“That’s meant more gas has been able to flow into the market because those facilities are down for scheduled maintenance, ” Damian Dwyer, APPEA acting chief executive said.
“And that’s a regular thing that happens this time of year and we’ve also seen warmer weather conditions that have meant less draw on gas for heating and power generation purposes than we saw in May.”
Mr Dwyer said there had been no collusion between gas companies.
“There’s been no behaviour of that kind going on, what we’ve got is a market that has been under significant pressure,” he said.
“And that’s the energy market more broadly, not the gas market, the invasion of Ukraine and the international geopolitical tensions and disruptions to the energy market that have arisen from that.”
Electricity prices are going up
Gas is known as a price-setter in the National Electricity Market because gas-fired power plants step in to “smooth” the demand for energy when ageing coal power stations are down or renewables aren’t working.
“A fair proportion of the electricity we use is generated by gas power stations at the moment,” Mr Ogge said.
“And with the price of gas going up to $40-a-gigajoule it meant that some gas power stations couldn’t produce gas for under $500-a-megawatt-hour.
“Previously the wholesale price of electricity was around $80 MWh, and these enormously high prices will flow onto Australian households and businesses.”
What’s the solution?
Unlike in Western Australia, which requires companies to reserve 15 per cent of gas for domestic use, there are no export limits or price caps on east coast gas.
Innes Willox from AiGroup said the longer the gas crisis drags on the more justification there was for an east coast reservation policy.
“It really is going to need government intervention, both at a federal and state level,” he said.
“And it’s going to need governments, quite frankly, to put their foot on the throat of gas producers to make sure they uphold their end of the bargain.
Mr Willox spent much of last year acting on behalf of industry trying to set up a code of conduct between gas producers and consumers – in the end, it fell over.
“Gas producers refused to touch issues around price, they wouldn’t go near it with a barge pole,” he said.
“They wouldn’t have price, content transparency as any part of a code of conduct, which rendered any sort of idea of a code of conduct completely useless, quite frankly.”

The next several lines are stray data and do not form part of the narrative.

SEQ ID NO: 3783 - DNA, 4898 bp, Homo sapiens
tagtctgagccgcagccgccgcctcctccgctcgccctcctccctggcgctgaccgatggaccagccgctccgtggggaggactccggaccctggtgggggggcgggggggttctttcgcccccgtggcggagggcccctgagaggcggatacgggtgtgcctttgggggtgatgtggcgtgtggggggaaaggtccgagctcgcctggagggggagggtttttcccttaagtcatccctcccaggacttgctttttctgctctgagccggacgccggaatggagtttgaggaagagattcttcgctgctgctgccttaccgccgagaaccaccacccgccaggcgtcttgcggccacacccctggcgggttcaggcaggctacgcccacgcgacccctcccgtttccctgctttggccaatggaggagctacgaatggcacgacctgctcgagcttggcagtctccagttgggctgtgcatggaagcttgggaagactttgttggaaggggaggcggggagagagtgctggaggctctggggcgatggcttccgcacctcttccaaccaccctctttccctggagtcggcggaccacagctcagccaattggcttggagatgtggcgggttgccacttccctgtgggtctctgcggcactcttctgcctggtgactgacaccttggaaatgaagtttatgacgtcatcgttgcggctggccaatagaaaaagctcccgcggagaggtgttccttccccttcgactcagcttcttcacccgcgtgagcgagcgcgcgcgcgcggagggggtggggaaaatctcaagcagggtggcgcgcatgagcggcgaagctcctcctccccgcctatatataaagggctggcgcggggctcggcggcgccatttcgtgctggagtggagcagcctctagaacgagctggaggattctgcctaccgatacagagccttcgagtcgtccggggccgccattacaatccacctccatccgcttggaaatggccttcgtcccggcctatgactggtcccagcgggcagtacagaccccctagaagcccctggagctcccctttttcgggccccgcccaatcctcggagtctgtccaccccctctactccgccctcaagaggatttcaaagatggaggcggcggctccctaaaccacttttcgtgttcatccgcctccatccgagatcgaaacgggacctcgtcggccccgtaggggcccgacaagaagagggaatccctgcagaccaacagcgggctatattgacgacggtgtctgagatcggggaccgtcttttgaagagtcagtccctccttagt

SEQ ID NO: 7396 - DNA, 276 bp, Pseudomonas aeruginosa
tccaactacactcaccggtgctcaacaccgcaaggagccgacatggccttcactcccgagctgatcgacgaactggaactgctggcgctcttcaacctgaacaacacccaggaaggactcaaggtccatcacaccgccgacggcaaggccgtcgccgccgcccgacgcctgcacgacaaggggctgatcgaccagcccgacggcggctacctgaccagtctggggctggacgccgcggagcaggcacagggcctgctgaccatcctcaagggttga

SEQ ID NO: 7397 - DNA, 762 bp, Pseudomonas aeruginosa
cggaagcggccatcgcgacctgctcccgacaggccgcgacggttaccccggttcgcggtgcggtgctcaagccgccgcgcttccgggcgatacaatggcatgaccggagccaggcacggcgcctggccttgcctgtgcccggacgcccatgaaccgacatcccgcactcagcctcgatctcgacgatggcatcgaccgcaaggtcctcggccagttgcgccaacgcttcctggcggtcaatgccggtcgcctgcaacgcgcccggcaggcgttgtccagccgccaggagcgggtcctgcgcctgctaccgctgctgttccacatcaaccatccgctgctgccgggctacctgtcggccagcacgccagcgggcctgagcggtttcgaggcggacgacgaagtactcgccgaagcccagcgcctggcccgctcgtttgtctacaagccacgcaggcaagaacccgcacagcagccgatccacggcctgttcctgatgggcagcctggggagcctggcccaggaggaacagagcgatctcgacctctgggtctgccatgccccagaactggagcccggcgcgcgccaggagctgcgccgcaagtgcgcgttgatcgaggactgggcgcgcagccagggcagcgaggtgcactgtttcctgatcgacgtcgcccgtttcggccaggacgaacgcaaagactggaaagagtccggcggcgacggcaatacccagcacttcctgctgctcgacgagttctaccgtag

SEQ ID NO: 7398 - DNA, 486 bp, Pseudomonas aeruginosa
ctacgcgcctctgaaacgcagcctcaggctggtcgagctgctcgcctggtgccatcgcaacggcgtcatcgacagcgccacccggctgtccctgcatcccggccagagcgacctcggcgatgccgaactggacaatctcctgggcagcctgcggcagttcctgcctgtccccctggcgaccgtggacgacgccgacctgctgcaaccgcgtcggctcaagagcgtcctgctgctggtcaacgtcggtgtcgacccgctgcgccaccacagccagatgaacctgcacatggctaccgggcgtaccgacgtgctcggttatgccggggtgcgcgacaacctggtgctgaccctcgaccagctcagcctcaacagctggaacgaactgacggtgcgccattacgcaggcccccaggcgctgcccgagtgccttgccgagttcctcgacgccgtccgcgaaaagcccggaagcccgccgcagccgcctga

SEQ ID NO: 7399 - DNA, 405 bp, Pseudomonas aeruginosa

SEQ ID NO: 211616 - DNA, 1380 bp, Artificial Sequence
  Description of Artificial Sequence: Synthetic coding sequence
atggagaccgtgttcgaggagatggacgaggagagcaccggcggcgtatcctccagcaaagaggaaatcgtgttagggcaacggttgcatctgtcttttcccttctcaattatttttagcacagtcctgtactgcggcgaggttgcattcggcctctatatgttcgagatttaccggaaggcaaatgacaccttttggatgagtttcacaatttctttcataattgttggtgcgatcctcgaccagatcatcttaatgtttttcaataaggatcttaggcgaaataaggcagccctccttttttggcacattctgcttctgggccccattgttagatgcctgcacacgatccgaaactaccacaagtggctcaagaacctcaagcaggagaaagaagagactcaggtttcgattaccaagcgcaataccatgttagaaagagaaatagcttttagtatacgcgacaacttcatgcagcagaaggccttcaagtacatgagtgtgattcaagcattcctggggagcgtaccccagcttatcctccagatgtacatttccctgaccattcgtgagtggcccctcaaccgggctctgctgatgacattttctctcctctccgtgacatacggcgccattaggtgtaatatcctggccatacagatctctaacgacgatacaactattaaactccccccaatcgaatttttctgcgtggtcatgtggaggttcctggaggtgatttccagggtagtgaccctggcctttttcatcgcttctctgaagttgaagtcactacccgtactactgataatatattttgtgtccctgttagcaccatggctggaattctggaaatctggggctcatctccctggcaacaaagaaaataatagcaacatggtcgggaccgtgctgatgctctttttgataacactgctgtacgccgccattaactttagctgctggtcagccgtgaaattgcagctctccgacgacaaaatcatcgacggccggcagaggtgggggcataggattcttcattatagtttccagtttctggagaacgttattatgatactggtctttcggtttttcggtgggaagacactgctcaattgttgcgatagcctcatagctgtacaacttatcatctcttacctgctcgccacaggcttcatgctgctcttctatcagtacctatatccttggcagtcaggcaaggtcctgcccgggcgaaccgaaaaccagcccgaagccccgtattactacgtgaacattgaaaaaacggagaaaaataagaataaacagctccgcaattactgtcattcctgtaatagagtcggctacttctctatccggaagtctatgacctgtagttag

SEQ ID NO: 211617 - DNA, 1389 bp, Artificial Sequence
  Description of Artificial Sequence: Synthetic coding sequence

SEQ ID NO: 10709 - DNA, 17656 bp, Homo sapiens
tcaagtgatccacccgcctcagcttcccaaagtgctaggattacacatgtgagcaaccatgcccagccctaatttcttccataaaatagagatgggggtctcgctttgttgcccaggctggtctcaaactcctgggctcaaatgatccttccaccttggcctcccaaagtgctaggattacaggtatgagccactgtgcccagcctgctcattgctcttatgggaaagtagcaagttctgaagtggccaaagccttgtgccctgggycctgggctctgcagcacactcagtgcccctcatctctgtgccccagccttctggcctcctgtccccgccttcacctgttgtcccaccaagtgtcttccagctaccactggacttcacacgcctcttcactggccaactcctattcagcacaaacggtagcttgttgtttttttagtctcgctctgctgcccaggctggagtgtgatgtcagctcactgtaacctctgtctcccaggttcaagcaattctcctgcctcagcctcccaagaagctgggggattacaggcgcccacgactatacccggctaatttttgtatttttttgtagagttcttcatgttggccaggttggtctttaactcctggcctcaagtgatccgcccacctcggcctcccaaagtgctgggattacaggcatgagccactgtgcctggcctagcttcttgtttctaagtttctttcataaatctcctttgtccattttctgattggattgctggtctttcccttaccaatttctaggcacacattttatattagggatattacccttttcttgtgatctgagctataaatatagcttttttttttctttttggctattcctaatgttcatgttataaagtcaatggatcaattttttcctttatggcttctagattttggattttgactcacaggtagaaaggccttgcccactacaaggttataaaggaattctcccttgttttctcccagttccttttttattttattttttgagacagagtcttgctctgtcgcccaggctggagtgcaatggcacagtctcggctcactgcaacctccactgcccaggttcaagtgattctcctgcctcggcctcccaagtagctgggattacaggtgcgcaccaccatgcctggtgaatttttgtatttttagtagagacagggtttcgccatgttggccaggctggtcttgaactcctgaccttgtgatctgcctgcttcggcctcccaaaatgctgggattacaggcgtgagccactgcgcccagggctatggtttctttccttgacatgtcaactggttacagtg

AiGroup does not support a “full blown reservation policy” but one that would only apply to new gas fields and take into consideration a “national interest test” on whether Australia had enough domestic supply.
Mr Robertson disagrees and argues there should be no hesitation to apply a retrospective gas reservation policy with price controls, because gas companies have broken their original approval conditions by affecting the domestic market with exports.
“These players are now buying gas out of the domestic market, this is in direct contravention of their approval conditions,” Mr Robertson said.
“But law breaking just seems to go on and on in the gas industry in Australia and the government seems impotent.”
Windfall profits tax
Mr Ogge argues for a windfall profits tax, as the UK government has recently adopted in the face of soaring energy prices.
“A windfall profits tax is the only thing that we know will be effective,” he said.
“That’s because it would be very effective in reducing gas prices, because it removes the incentive for the LNG producers to export all their excess gas overseas to cash in on high gas prices.
“And it removes the incentive for them to charge Australian customers exorbitant prices for the gas that we use.
“On top of that, it provides funds for us to compensate Australian customers and businesses and households, and, money to actually help us electrify and get off gas so that we’re not permanently over the barrel of high international prices.”
According to analysis from the Australia Institute, five of the nation’s biggest gas producers haven’t paid income tax in at least seven years – despite combined earnings of $138 billion.
“It’s extraordinary when you think about it, that almost half the gas produced in Australia isn’t subject to any royalties at all – so they’re getting the gas for free,” Mr Ogge said.
“We’re getting a woefully inadequate return for Australians, and we’re paying huge additional energy costs.
“It’s high time the Australian government got onto this issue and fixed it.”
Mr Dwyer said the industry is paying its fair share of tax.
“The industry pays taxes or royalties to every jurisdiction. And the way in which that plays out just depends on the jurisdiction in question.”
The industry rejects the need for a reservation policy or price controls, arguing there is not a supply problem — at the same it wants to extract gas from new fields.
“We need is ongoing investment to bring more gas supply into market, so we’re keen to talk with the government about their way forward,” Mr Dwyer said.
Back at Steritech, John Irwin is not convinced the gas companies will do the right thing by consumers if they are not forced to by government.
“When people say that it’s going to impact Australia’s reputation as a great place to do business, that’s nice spin for ‘it’s an easy country to make a lot of money, and they’re a bunch of fools if they give it to you – but they do.'”
State and federal energy ministers are due to meet on Friday to discuss a range of issues, including the gas crisis.
Mr Irwin said the time for simply asking nicely and making threats is over.
He wants legislated action to protect consumers from price-fixing and ensure a fair price and supply for domestic customers.
“Why would we worry about having our own natural resources when we’re just passing those profits off overseas to shareholders of these large gas companies.”